Time capsule

Millennium fever has passed, some books use imaginative design to cut clean through the apathy.

The third millennium is now here. The Dome in Greenwich is complete, and the enormous effect of that historical moment on Britain’s collective imagination cannot go unrecorded.

However, now the champagne has been drunk and the new dawn saluted, media attention has dwindled – no doubt the result of a millennium-sized hangover. Keen to keep the commemorative spirit alive, the publishing community has launched a proliferation of books devoted to the new era.

When you consider that the most significant millennium icon in this country is registered under the trade mark of the New Millennium Experience Company, it seems pertinent that the company has seized the opportunity to create a series of licensed publications celebrating the Dome and the millennium.

The NMEC’s publishing partners include Booth-Clibborn Editions, HarperCollins and Dorling Kindersley. The books produced cover a diverse array of Y2K subjects that will appeal to a variety of consumers. “We were very careful to cross over,” says Alex Madina, content editor of the NMEC: “We wanted to encourage different audiences to buy different books.”

Unified only by the millennium event, they range from the commercial and entertaining to the more design-led and philosophical. For the publishers, an association with the NMEC represents an excellent dual-branded opportunity with obvious commercial benefits, since the range will sell in the Dome as well as the high street. The commercial validity behind this burst of millennium publishing is also grounded in historical musings and the desire to record this moment in time.

“In correspondence with Peter Mandelson some time ago, I suggested the idea of producing something of good quality that would represent Britain,” says Edward Booth-Clibborn, founder of Booth-Clibborn Editions. “I felt very strongly that this was an occasion to create something of a high standard.”

Armed with some of the best designers in this country, Booth-Clibborn’s selection of books looks like it will stand the test of time.

The range includes Dome, a circular-shaped photographic handbook of the design and construction of the Dome, created by design consultancy North; Future Present, a selection of Millennium Products chosen by the Design Council and designed by Angus Hyland of Pentagram; and Why2K?, a collage of text and imagery designed by Jonathan Barnbrook. A fourth book, Between Cause and Effect, which explores the impact of a variety of forward-looking projects in Britain, also designed by North, is due out this spring.

So how did the designers make their mark on the millennium? The books selected here are an eclectic mix of genres which manage to celebrate the Dome without reverting to the usual bombastic declarations about the greatness of the site. In addition, they reflect on the achievements of the last century without nostalgic rhetoric or political spin. They are fun, ironic and, where possible, thought-provoking.

Dome, designed by North, appears to have a double intent. With its plastic container and circular shape, it can be read either as a book detailing the Dome’s engineering and architecture or as a fun, flick-through read. “I think it will appeal to architects and designers, but hopefully a nine- to ten-year old will pick it up as it’s quite tactile and self-explanatory. It works on different levels. The shape didn’t directly mimic the Dome, but it echoes its structure,” says Paul Austin, a designer at North.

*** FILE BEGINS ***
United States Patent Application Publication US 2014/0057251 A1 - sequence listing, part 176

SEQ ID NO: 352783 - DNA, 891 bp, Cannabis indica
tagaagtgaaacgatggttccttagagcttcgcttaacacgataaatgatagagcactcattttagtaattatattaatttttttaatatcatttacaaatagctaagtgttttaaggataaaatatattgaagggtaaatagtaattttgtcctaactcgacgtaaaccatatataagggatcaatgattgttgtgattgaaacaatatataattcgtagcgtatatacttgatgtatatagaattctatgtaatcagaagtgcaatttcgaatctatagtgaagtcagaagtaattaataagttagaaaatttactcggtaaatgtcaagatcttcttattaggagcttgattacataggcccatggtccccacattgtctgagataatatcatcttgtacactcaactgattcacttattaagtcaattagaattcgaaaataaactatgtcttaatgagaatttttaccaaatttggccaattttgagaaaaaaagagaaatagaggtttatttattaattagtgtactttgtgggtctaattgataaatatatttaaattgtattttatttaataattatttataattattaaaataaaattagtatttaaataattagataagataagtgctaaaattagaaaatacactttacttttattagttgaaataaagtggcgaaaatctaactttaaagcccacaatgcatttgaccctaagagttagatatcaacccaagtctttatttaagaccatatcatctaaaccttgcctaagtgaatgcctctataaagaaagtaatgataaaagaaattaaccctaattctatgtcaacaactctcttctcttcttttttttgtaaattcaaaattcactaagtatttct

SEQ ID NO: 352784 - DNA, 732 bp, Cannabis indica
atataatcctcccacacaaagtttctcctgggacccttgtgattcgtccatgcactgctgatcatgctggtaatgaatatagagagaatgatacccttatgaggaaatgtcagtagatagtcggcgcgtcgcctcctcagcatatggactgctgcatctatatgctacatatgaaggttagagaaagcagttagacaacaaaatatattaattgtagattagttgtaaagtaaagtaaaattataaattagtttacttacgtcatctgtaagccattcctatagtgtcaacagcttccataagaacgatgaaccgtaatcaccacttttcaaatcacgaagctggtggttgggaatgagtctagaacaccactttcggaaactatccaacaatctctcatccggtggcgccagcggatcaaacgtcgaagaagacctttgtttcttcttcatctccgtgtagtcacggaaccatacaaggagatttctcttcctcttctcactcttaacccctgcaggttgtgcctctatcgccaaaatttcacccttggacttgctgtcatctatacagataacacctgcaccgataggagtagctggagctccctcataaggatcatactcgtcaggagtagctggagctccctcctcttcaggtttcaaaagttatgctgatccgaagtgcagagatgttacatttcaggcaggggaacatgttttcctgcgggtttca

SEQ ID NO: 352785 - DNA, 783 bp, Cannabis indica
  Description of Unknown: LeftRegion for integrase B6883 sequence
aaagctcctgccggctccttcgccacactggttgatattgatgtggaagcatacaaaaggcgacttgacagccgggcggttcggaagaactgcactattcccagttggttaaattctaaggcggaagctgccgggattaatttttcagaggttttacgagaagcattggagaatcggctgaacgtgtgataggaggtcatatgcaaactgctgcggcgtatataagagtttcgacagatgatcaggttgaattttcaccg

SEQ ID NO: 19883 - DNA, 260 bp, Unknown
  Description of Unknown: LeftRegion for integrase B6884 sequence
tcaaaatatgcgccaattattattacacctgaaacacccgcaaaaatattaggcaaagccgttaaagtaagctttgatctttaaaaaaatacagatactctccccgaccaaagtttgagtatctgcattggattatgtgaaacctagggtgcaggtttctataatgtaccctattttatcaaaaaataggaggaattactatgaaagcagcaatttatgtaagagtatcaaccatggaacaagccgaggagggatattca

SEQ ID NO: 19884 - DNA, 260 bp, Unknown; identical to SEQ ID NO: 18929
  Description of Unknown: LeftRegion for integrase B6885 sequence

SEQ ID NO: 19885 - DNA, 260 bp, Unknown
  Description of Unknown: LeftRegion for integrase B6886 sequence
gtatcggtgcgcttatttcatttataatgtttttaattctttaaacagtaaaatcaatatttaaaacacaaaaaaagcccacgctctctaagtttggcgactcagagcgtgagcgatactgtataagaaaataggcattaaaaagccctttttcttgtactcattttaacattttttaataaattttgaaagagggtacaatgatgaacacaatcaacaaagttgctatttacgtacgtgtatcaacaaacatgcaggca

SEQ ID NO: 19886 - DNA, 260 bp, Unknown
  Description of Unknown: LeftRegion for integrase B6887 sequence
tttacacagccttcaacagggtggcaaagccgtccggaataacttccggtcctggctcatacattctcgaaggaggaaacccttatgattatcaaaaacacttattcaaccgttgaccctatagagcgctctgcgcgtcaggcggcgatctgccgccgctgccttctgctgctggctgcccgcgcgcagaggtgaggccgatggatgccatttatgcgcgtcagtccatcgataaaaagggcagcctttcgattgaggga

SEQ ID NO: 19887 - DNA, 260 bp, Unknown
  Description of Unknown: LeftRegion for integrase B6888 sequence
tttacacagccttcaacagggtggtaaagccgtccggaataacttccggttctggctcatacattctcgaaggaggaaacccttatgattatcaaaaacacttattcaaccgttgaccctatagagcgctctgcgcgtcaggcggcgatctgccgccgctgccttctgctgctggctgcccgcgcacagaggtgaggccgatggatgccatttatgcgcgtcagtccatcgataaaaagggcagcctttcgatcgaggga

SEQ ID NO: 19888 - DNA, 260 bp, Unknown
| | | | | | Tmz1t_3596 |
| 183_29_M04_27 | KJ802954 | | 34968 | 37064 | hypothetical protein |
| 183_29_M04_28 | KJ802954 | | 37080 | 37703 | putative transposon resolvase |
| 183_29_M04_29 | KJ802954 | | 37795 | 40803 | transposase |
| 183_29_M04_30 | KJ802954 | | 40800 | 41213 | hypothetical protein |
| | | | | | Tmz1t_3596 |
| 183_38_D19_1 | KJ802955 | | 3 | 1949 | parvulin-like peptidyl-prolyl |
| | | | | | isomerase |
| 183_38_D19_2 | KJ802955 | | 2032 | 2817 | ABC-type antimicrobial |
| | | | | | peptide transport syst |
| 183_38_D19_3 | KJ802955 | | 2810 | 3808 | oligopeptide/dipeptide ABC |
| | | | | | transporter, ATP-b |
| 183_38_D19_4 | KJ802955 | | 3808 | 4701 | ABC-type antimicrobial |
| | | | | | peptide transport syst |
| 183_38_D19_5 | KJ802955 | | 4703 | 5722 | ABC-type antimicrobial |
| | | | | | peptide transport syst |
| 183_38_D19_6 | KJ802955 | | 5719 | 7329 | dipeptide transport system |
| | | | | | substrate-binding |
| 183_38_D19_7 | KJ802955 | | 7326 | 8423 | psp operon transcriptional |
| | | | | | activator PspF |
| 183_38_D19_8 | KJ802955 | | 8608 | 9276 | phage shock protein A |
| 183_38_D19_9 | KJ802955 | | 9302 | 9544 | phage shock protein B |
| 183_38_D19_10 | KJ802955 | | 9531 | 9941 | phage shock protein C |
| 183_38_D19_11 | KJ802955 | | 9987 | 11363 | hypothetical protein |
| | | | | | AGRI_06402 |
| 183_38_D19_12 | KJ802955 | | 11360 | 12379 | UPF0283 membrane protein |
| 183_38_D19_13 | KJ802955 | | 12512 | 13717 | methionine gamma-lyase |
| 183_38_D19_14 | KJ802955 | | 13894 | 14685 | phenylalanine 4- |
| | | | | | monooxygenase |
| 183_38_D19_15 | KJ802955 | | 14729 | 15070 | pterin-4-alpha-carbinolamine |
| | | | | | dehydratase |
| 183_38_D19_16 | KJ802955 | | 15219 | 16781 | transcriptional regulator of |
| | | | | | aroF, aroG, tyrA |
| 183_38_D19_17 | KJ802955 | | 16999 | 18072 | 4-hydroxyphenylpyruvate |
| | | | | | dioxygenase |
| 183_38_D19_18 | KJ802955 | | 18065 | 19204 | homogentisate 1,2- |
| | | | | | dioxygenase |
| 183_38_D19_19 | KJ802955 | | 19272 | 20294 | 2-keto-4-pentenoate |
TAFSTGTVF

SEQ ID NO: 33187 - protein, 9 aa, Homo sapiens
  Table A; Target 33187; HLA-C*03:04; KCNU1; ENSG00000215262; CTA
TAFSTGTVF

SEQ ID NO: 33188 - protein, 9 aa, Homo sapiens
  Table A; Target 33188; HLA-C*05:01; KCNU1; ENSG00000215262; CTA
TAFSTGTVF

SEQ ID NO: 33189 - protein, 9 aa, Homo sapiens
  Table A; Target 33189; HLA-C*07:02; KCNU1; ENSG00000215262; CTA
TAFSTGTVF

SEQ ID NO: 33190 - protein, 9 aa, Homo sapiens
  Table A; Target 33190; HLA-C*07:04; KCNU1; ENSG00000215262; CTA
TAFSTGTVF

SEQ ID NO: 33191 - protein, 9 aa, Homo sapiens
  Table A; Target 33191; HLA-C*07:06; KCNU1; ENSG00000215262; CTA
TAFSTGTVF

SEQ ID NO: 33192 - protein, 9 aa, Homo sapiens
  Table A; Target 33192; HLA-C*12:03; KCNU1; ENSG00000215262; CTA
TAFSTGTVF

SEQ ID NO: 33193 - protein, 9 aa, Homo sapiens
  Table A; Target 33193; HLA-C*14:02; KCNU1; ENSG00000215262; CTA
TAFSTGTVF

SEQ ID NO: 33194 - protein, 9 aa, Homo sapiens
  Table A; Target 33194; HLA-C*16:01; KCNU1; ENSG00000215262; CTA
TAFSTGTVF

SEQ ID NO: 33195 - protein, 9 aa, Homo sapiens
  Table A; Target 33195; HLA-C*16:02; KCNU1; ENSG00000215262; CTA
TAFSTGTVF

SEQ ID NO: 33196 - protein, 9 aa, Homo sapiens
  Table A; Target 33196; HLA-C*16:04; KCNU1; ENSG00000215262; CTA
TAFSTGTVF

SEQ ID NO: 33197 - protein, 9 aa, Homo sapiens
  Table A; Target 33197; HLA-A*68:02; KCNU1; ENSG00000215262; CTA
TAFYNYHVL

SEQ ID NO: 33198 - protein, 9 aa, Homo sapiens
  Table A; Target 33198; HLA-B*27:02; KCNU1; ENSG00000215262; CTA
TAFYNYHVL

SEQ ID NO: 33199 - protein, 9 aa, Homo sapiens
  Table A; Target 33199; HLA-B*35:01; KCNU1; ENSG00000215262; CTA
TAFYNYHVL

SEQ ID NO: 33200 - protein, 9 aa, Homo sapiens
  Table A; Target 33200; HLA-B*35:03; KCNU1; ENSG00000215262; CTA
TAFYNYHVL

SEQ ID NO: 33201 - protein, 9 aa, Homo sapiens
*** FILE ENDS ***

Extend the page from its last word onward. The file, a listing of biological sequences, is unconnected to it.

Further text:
Alternatively, WHY2K? is a colourful selection of writings by the likes of Eric Hobsbawm, Hanif Kureishi, George Orwell, Claudia Roden, and Virginia Woolf. The collection aims to commemorate last century’s rich cultural heritage, as well as ask how those influences will determine our future thought. Far from being just a nostalgic cultural anthology, Jonathan Barnbrook’s design turns the exercise into a post century pastiche, where type, graphics and other visual references merge with the text, creating a fluid continuum of words and images.

Future Present, on the other hand, confronts a more political agenda. “I was approached by Edward Booth-Clibborn, but the clients were really a combination of the NMEC and the Design Council, which had endorsed the millennium Products,” says Angus Hyland of Pentagram. The book is a selection of 80 Millennium Products that are either “worthy”, eco-friendly or have a story to tell. “It’s a book of inventions, not a design book,” says Hyland. “Unlike Jonathan’s [Barnbook] book, it’s about British inventiveness, not culture. As a consequence, the design had to transform material which wasn’t particularly visual into something rather appealing.”

On a more official note, The Millennium Dome by Elizabeth Wilhide, a coffee table book by HarperCollins Illustrated, aims to be both a glossy product and a guide to the technical wizardry of the Dome’s construction.

“We didn’t want to produce an over-specialised book,” says Richard Atkinson, commissioning editor at HarperCollins Illustrated. “The Dome is an iconic building for millions of people and the book is aimed at all those who are awestruck by its space and architecture. Although the engineering principles are very complex, we wanted to produce an understandable book, not an elitist one.”

For the near future, HarperCollins Illustrated has two photographic books in the pipeline, a British and a worldwide reportage, documenting what people were doing in the precious moments before, during and just after the millennium hour.






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